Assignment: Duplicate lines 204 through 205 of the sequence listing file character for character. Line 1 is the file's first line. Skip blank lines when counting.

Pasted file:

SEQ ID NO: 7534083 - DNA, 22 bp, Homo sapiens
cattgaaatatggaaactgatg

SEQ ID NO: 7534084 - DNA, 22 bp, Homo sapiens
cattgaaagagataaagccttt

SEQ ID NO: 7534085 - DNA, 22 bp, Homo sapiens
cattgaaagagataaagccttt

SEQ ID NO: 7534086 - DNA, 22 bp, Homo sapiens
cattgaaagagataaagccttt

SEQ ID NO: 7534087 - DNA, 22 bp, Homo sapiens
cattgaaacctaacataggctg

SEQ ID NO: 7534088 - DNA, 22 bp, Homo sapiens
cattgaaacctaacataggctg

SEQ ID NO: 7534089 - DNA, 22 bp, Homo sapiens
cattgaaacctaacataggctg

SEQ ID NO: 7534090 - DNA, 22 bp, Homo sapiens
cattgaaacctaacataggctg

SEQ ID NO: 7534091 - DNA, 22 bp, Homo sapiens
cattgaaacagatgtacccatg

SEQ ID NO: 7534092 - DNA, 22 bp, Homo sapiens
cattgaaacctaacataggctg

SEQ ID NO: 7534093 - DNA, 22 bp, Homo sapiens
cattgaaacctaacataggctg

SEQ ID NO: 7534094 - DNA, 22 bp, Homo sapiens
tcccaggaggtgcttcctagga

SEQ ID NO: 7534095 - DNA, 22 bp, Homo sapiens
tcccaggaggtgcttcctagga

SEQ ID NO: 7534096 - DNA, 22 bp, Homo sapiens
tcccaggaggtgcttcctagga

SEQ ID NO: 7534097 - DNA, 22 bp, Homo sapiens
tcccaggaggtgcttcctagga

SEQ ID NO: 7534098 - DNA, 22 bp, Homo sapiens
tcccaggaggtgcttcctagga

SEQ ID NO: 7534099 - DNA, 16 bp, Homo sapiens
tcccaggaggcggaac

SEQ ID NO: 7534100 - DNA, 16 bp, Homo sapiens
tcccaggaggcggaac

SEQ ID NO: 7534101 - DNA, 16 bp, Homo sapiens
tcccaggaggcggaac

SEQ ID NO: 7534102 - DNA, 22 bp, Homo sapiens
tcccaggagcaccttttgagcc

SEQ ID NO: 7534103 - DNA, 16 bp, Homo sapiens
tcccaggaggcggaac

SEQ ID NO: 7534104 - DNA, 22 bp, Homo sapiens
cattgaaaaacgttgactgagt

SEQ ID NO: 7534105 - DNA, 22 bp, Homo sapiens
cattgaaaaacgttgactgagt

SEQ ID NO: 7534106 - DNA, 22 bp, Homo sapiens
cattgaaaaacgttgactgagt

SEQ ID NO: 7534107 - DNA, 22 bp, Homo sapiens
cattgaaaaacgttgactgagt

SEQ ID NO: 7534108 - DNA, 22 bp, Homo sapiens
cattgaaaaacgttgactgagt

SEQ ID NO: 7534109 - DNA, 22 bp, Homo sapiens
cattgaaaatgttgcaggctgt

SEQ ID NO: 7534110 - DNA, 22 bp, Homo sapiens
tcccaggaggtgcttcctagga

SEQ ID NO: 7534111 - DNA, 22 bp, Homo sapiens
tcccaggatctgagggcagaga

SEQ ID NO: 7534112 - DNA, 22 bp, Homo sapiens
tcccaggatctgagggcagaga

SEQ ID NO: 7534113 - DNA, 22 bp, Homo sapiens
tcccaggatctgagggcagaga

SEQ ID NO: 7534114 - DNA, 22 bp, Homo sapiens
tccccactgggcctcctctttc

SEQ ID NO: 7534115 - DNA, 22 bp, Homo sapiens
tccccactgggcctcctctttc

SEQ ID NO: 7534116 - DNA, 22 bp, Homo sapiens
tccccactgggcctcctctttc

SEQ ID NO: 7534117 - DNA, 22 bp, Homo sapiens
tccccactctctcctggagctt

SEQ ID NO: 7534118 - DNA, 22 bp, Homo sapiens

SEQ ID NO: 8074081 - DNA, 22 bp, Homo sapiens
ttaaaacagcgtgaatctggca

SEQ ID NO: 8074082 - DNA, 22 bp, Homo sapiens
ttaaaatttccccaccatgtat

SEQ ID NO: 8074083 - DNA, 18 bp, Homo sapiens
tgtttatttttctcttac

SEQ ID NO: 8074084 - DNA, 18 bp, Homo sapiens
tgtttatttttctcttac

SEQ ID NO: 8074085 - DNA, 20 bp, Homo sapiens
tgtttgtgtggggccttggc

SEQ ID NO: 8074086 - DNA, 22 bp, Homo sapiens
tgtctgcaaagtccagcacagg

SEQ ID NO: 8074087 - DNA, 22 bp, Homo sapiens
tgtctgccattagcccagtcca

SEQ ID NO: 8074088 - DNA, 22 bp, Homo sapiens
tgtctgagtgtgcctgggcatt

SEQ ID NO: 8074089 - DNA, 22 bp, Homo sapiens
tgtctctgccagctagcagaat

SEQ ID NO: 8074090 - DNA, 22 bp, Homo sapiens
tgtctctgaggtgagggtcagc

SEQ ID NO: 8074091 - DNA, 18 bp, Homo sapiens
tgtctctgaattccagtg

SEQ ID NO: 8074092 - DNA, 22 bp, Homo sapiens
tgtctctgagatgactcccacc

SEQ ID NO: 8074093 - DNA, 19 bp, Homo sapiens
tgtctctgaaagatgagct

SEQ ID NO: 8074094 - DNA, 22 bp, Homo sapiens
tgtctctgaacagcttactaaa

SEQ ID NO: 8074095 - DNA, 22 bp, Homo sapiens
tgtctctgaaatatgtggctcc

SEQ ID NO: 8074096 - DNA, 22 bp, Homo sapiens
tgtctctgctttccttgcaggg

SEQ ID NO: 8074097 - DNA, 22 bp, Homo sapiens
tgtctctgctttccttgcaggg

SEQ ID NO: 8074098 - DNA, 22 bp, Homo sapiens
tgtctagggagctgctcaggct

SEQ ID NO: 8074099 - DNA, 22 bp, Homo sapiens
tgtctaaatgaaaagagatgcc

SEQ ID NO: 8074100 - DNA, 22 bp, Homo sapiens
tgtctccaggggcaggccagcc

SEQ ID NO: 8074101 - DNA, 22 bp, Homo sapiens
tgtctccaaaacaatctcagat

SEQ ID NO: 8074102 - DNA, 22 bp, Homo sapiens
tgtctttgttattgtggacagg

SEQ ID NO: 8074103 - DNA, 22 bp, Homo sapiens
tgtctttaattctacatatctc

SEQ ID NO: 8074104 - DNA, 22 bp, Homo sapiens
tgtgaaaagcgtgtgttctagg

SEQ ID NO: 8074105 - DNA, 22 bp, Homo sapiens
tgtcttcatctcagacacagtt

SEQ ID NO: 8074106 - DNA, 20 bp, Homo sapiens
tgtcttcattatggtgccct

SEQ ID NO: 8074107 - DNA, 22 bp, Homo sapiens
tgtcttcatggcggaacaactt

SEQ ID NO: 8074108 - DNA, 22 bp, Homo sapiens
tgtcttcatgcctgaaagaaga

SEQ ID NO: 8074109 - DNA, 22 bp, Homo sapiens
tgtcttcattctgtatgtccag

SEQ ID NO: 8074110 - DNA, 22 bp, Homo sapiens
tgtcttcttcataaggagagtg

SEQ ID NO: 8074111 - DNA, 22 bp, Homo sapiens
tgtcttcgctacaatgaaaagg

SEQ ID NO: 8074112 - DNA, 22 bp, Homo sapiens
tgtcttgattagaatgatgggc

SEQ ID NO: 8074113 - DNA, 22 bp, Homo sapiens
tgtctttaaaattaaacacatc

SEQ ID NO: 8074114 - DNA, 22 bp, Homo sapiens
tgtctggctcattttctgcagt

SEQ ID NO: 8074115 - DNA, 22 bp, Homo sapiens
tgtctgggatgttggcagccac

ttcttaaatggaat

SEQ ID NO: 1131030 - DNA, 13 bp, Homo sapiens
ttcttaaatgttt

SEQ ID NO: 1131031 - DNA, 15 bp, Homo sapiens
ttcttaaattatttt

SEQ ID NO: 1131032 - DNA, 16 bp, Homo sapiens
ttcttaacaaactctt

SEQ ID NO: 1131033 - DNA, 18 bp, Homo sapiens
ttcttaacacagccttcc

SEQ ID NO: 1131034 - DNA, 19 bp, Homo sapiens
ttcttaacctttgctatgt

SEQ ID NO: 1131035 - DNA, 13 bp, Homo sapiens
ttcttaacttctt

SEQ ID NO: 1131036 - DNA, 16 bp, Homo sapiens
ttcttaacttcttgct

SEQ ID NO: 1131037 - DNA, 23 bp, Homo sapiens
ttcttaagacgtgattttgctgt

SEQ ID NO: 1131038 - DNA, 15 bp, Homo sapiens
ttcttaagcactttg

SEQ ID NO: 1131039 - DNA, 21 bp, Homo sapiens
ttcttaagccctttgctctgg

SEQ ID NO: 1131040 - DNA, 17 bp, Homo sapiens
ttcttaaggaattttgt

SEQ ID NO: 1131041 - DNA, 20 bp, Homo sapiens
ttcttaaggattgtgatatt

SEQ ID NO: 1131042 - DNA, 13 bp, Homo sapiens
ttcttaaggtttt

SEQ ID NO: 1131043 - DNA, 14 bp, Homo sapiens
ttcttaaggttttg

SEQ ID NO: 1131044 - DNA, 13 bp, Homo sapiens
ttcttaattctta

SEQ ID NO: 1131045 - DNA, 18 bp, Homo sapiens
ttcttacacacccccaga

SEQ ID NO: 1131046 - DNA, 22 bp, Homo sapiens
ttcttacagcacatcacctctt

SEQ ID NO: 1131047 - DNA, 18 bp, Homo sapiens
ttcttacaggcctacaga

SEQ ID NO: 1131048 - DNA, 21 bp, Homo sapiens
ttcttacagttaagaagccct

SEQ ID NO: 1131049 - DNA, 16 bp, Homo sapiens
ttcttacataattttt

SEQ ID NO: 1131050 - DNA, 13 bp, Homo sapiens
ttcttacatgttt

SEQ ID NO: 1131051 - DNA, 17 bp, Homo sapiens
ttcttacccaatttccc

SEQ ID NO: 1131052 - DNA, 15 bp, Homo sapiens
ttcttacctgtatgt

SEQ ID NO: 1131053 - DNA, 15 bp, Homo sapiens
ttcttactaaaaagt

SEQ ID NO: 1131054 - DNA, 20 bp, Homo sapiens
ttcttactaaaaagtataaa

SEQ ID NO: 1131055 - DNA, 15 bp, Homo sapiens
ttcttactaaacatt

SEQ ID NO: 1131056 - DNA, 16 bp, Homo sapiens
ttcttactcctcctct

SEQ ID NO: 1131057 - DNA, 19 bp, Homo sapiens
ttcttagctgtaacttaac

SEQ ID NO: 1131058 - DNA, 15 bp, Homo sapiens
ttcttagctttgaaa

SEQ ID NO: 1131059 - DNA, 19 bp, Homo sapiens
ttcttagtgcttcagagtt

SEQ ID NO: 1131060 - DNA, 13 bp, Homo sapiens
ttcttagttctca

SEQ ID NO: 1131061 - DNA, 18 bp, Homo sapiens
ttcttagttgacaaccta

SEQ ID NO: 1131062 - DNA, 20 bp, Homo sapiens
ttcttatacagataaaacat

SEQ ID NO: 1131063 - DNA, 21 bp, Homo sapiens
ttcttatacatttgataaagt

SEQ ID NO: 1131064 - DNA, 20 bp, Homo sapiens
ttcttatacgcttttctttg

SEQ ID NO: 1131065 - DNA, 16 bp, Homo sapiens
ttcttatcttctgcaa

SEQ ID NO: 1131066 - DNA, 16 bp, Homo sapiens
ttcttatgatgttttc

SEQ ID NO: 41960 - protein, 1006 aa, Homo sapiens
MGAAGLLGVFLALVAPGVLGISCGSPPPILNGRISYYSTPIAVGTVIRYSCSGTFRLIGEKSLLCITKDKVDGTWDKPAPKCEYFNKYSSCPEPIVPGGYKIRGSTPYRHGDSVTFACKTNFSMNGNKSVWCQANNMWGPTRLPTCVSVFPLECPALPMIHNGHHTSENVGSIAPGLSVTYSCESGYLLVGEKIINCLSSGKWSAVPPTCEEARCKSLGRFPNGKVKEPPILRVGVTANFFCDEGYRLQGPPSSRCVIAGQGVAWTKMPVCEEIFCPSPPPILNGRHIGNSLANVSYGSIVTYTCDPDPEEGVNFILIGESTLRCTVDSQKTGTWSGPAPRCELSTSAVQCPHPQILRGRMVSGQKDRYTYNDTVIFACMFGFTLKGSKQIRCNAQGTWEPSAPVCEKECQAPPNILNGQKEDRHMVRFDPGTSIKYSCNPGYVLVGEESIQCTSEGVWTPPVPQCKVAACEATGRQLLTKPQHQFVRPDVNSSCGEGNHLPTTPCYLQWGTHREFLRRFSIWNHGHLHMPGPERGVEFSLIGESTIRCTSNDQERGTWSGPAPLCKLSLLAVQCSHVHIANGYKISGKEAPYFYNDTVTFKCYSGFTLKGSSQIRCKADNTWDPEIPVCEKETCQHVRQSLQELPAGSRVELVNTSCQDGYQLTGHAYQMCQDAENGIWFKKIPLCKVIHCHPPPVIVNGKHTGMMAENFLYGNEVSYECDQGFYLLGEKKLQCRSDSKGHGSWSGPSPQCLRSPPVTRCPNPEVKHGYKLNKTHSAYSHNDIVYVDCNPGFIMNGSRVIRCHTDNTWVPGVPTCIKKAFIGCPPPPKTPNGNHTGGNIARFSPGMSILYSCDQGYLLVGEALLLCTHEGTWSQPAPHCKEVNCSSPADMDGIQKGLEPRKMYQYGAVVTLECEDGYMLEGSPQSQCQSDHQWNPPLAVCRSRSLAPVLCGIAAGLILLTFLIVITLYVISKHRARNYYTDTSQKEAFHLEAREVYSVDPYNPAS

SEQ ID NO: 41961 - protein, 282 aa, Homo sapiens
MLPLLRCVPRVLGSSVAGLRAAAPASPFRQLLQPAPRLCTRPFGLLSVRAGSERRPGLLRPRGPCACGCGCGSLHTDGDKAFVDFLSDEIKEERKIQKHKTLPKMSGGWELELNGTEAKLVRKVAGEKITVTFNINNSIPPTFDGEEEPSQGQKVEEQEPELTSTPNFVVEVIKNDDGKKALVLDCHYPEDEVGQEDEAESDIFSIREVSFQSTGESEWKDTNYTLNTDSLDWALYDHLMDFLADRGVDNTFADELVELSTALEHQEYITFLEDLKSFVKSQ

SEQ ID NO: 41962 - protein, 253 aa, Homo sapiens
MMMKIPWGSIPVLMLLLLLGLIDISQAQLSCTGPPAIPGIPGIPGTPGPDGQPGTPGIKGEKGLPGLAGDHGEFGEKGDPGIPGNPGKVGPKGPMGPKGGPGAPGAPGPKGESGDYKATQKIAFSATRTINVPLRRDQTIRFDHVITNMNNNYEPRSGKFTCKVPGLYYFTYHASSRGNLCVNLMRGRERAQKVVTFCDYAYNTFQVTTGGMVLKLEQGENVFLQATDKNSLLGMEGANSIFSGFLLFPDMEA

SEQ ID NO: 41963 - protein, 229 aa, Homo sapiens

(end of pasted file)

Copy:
ttcttagttctca

SEQ ID NO: 1131061 - DNA, 18 bp, Homo sapiens